Golightly, Richard Malcolm (1985) The history of the determination of the velocity of light to the mid twentieth century. Masters thesis, Durham University.
The thesis looks at the various attempts at measuring the velocity of light from ancient times to 1940. It concentrates on astronomical and optical methods apart from mentioning electrical methods where this was considered necessary in the historical development. In the early part of the study the ancients considered that light travelled faster than sound and controversy aroseas to whether it had a finite or infinite velocity. A brief look is taken at the theories of Alhazen and Roger Bacon before turning to the work of Galileo and his attempts to produce an experimental verification of the finite velocity of light. The experiments of Roemer and the first astronomical verification of the finite nature of the velocity using the satellites of Jupiter are considered in some detail. Here mention is made of the work of Descartes and the independent verification by Bradley in 1729.Next the rival wave and corpuscular theories of light are considered as in trying to explain the phenomena of refraction each theory gave rise to a different value for the velocity of light as it travelled through a more dense transmitting medium. Thus the velocity of light became a crucial factor in deciding which theory had more merit. Wheatstone's use of a revolving mirror to measure small time intervals is mentioned as well as the Fizeau method on comparing the velocity of light in air and water. The main part of the thesis concentrates on the various terrestrial optical methods of the nineteenth century starting with the experiments of Foucault, Cornu and Fizeau. The work of Young and Forbes is given in detail since their series of experiments were made so that each observation was to be an accurate measurement of the velocity. The classic experiments of Michelson spanning 1879 - 1930 are considered in detail as well as mentioning the work of Newcomb and Perrotin. The work of de Bray is mentioned along with a comparison of modern determinations. The concluding chapter draws attention to the emergence of the 'experimental method in Renaissance times and the requirement of progress in scientific technology before accurate measurements can be taken. The transition from the single scientist working in isolation developing into the team effort as is common practice today is also mentioned.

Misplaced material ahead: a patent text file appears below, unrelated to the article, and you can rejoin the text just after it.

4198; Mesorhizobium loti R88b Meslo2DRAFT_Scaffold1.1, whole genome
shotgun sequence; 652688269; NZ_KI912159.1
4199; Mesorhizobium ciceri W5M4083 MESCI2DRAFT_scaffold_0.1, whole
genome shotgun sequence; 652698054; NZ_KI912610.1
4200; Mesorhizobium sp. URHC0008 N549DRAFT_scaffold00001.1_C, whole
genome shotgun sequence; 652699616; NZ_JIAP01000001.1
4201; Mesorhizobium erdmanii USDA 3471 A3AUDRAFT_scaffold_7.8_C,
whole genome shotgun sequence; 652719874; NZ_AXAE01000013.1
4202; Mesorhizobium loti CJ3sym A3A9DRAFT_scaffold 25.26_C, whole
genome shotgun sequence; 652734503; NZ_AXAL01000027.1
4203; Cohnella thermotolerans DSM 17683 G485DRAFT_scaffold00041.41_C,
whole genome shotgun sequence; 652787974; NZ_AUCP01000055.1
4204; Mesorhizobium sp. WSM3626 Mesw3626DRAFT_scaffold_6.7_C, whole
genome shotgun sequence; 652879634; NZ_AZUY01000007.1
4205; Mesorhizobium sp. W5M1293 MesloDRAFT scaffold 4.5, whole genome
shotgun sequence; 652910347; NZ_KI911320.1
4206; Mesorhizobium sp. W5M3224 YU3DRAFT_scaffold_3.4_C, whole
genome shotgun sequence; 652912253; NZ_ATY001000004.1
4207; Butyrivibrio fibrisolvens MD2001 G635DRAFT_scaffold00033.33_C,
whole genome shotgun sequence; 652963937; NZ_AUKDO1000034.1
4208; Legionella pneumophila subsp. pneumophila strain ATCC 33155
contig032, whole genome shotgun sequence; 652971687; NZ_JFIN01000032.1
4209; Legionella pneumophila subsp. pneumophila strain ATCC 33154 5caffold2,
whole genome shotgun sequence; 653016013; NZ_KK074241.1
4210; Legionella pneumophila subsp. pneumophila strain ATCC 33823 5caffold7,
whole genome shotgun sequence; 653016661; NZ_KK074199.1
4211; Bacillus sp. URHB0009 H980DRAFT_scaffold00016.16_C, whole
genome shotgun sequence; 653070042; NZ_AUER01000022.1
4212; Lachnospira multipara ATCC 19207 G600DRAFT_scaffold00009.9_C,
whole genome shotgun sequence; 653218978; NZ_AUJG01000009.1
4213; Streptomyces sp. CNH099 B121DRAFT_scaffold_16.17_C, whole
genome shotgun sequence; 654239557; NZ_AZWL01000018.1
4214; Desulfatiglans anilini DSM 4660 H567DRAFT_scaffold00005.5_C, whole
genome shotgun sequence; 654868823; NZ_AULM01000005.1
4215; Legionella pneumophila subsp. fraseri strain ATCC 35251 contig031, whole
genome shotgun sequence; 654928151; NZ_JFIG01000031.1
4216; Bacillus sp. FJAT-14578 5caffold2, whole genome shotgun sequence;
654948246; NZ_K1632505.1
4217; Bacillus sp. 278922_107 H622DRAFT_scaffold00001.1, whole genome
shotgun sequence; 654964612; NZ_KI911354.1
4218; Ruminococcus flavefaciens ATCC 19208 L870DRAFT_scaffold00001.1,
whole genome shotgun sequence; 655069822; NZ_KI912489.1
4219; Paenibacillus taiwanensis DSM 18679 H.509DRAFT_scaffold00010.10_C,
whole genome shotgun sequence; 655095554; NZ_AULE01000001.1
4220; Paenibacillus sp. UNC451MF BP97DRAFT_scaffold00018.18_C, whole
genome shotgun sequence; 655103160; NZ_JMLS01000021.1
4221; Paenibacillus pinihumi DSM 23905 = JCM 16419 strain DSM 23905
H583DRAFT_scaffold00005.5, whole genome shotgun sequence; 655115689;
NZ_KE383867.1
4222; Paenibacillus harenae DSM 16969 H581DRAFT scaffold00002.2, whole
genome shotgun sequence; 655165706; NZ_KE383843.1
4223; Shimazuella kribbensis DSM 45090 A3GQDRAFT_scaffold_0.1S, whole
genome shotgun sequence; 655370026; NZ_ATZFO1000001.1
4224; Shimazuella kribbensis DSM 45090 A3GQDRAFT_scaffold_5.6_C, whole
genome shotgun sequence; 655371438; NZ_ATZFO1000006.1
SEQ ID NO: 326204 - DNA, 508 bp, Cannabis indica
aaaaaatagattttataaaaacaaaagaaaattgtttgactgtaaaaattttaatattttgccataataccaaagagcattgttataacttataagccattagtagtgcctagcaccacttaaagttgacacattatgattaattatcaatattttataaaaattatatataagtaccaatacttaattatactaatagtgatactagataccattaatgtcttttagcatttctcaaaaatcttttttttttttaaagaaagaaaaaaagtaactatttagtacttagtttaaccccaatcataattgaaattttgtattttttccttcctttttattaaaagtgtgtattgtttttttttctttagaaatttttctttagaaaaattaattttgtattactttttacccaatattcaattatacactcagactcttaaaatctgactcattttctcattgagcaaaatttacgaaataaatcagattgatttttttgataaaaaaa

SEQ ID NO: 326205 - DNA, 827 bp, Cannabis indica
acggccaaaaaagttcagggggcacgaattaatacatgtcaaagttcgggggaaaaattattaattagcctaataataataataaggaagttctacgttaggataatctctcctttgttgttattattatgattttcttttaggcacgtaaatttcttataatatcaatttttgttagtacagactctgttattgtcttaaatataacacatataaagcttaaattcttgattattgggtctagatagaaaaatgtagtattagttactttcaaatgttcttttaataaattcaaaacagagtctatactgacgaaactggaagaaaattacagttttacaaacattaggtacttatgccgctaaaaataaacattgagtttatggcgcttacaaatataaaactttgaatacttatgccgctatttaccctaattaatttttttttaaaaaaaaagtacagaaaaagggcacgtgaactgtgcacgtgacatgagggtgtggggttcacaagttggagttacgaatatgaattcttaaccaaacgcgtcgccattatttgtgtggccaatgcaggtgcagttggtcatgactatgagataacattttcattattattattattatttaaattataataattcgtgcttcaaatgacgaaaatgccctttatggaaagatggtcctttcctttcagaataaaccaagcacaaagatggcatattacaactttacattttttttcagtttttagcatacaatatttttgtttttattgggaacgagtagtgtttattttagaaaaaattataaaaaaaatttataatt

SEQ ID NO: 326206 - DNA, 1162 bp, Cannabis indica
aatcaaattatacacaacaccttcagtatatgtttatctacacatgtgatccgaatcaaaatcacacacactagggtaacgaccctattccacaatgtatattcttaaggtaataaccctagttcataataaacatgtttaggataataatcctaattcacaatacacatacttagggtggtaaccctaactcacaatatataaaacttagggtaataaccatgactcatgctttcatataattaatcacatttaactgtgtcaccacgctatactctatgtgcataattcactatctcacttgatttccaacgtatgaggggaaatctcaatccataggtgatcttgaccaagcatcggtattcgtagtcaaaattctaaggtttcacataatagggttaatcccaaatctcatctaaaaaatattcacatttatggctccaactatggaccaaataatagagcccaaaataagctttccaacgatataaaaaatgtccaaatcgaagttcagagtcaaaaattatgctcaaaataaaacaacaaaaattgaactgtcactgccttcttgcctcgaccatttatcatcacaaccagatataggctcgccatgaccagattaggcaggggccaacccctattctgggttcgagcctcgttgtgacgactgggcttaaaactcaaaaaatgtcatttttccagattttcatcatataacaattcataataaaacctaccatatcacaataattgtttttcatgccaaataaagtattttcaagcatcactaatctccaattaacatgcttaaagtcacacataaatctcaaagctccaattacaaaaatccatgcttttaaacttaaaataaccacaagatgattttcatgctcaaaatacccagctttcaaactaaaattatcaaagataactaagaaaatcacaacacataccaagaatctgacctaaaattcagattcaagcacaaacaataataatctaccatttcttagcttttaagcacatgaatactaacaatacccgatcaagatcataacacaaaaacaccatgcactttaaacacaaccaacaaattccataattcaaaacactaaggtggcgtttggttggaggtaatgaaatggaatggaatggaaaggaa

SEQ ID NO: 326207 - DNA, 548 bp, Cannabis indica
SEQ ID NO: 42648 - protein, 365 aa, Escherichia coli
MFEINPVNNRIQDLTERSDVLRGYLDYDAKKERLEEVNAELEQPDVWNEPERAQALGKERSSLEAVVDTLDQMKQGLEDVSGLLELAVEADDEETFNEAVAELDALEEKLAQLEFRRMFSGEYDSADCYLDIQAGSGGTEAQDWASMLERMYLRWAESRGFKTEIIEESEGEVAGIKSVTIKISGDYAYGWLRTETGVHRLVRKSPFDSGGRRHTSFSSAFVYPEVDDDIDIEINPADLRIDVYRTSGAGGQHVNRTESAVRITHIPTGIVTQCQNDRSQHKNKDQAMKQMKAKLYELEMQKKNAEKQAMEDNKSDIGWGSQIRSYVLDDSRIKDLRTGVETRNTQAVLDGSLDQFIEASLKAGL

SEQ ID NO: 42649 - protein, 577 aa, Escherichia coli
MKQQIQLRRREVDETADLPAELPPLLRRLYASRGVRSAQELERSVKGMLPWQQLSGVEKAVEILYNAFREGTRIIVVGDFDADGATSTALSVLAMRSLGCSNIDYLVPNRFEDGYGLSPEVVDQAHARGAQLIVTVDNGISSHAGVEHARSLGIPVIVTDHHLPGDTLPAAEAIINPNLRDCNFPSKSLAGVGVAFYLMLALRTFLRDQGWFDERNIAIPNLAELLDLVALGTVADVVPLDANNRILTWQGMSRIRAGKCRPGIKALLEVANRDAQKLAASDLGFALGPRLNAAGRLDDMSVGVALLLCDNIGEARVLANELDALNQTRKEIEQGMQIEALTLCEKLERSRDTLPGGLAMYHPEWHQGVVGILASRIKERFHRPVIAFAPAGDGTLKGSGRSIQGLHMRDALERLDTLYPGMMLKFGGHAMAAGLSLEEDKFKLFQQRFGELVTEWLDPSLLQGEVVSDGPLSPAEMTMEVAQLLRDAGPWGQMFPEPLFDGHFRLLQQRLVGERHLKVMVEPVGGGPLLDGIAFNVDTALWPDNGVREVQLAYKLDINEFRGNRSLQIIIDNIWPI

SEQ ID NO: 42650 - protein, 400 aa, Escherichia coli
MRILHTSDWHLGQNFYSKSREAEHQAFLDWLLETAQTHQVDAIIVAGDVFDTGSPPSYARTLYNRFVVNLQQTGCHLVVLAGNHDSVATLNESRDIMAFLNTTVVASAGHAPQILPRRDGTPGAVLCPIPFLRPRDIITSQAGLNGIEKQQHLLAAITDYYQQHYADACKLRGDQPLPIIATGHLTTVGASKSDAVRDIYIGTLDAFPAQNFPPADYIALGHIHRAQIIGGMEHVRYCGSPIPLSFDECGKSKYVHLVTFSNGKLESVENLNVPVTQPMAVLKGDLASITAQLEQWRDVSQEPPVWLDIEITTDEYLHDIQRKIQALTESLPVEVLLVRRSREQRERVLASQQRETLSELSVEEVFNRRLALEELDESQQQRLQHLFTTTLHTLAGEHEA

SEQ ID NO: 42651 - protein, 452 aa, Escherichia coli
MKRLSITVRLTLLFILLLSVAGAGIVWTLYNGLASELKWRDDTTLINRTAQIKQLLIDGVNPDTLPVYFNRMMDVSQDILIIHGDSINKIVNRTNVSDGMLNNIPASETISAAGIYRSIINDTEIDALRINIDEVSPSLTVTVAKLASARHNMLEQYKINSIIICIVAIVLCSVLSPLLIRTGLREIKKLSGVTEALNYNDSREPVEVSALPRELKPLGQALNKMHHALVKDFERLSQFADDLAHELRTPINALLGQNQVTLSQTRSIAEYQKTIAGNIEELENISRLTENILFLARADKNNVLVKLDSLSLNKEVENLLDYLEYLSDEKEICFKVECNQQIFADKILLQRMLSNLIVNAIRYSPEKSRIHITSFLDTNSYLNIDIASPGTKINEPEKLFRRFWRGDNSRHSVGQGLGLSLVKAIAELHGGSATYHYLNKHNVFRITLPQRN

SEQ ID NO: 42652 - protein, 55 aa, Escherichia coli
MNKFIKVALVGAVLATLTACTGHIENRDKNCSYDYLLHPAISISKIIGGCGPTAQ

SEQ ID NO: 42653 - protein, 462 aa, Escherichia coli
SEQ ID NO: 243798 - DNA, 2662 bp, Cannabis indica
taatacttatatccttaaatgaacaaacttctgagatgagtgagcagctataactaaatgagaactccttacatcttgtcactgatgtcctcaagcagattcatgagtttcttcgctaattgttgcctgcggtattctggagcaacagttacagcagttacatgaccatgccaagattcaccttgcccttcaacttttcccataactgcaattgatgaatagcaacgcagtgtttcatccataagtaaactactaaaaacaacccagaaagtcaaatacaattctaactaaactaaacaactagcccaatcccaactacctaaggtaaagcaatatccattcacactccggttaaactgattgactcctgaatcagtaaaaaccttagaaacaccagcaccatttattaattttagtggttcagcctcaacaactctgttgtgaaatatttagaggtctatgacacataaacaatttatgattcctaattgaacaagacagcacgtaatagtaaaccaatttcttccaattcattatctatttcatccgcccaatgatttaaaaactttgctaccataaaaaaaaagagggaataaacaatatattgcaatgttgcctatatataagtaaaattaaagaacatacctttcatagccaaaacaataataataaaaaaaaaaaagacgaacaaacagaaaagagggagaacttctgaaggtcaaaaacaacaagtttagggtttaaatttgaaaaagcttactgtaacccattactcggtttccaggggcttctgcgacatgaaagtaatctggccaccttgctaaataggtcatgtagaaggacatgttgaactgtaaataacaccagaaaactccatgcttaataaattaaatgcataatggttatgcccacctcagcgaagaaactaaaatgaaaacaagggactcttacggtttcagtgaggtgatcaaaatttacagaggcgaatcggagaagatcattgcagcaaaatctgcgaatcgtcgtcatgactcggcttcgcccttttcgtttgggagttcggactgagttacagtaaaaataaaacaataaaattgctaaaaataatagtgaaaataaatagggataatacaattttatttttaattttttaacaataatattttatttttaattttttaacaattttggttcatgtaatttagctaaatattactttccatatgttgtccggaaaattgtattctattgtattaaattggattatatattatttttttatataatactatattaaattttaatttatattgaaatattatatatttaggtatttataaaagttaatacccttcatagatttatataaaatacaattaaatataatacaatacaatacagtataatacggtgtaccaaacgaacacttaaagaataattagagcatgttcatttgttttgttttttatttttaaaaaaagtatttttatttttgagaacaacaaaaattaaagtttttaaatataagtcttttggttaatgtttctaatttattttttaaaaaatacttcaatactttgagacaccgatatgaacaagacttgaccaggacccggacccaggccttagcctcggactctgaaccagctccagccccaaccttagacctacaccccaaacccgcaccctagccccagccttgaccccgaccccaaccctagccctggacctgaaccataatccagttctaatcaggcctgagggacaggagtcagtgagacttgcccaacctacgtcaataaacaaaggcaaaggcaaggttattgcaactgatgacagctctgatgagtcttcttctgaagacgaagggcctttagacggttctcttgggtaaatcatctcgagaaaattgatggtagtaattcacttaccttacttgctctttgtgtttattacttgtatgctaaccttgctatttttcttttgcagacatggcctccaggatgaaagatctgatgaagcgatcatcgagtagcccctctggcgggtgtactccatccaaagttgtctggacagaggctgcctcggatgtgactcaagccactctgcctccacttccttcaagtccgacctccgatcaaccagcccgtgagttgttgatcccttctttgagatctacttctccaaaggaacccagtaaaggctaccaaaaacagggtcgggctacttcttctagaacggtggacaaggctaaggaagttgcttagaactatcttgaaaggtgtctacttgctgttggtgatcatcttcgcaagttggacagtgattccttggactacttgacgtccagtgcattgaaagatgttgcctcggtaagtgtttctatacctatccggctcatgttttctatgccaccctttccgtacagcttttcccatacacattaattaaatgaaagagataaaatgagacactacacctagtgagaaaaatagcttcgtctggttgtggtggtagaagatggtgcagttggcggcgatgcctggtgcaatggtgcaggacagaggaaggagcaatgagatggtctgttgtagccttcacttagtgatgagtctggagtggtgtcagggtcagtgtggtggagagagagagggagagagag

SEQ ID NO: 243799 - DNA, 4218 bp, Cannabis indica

|Item Type:||Thesis (Masters)|
|Award:||Master of Arts|
|Copyright:||Copyright of this thesis is held by the author|
|Deposited On:||15 Jul 2013 14:44|